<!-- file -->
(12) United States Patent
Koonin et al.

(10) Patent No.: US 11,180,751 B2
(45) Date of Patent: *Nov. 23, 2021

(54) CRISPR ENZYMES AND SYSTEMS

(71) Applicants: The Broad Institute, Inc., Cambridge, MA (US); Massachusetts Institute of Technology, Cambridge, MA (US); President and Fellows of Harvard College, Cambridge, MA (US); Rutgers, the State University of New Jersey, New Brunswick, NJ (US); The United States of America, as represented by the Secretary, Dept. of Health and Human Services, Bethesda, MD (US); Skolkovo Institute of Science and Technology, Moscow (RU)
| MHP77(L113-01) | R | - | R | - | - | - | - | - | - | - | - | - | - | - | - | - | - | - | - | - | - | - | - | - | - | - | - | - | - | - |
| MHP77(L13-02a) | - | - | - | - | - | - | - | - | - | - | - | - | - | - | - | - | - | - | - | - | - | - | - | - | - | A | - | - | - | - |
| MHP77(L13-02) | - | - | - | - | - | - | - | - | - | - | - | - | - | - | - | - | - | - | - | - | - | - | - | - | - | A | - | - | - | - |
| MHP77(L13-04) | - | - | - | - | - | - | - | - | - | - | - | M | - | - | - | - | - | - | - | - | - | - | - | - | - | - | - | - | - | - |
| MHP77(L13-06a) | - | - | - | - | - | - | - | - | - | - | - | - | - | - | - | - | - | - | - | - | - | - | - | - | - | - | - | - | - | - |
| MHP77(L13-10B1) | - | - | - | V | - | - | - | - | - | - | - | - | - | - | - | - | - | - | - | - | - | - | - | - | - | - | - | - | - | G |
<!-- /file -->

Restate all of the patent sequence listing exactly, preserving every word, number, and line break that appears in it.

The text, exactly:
(12) United States Patent
Koonin et al.

(10) Patent No.: US 11,180,751 B2
(45) Date of Patent: *Nov. 23, 2021

(54) CRISPR ENZYMES AND SYSTEMS

(71) Applicants: The Broad Institute, Inc., Cambridge, MA (US); Massachusetts Institute of Technology, Cambridge, MA (US); President and Fellows of Harvard College, Cambridge, MA (US); Rutgers, the State University of New Jersey, New Brunswick, NJ (US); The United States of America, as represented by the Secretary, Dept. of Health and Human Services, Bethesda, MD (US); Skolkovo Institute of Science and Technology, Moscow (RU)
| MHP77(L113-01) | R | - | R | - | - | - | - | - | - | - | - | - | - | - | - | - | - | - | - | - | - | - | - | - | - | - | - | - | - | - |
| MHP77(L13-02a) | - | - | - | - | - | - | - | - | - | - | - | - | - | - | - | - | - | - | - | - | - | - | - | - | - | A | - | - | - | - |
| MHP77(L13-02) | - | - | - | - | - | - | - | - | - | - | - | - | - | - | - | - | - | - | - | - | - | - | - | - | - | A | - | - | - | - |
| MHP77(L13-04) | - | - | - | - | - | - | - | - | - | - | - | M | - | - | - | - | - | - | - | - | - | - | - | - | - | - | - | - | - | - |
| MHP77(L13-06a) | - | - | - | - | - | - | - | - | - | - | - | - | - | - | - | - | - | - | - | - | - | - | - | - | - | - | - | - | - | - |
| MHP77(L13-10B1) | - | - | - | V | - | - | - | - | - | - | - | - | - | - | - | - | - | - | - | - | - | - | - | - | - | - | - | - | - | G |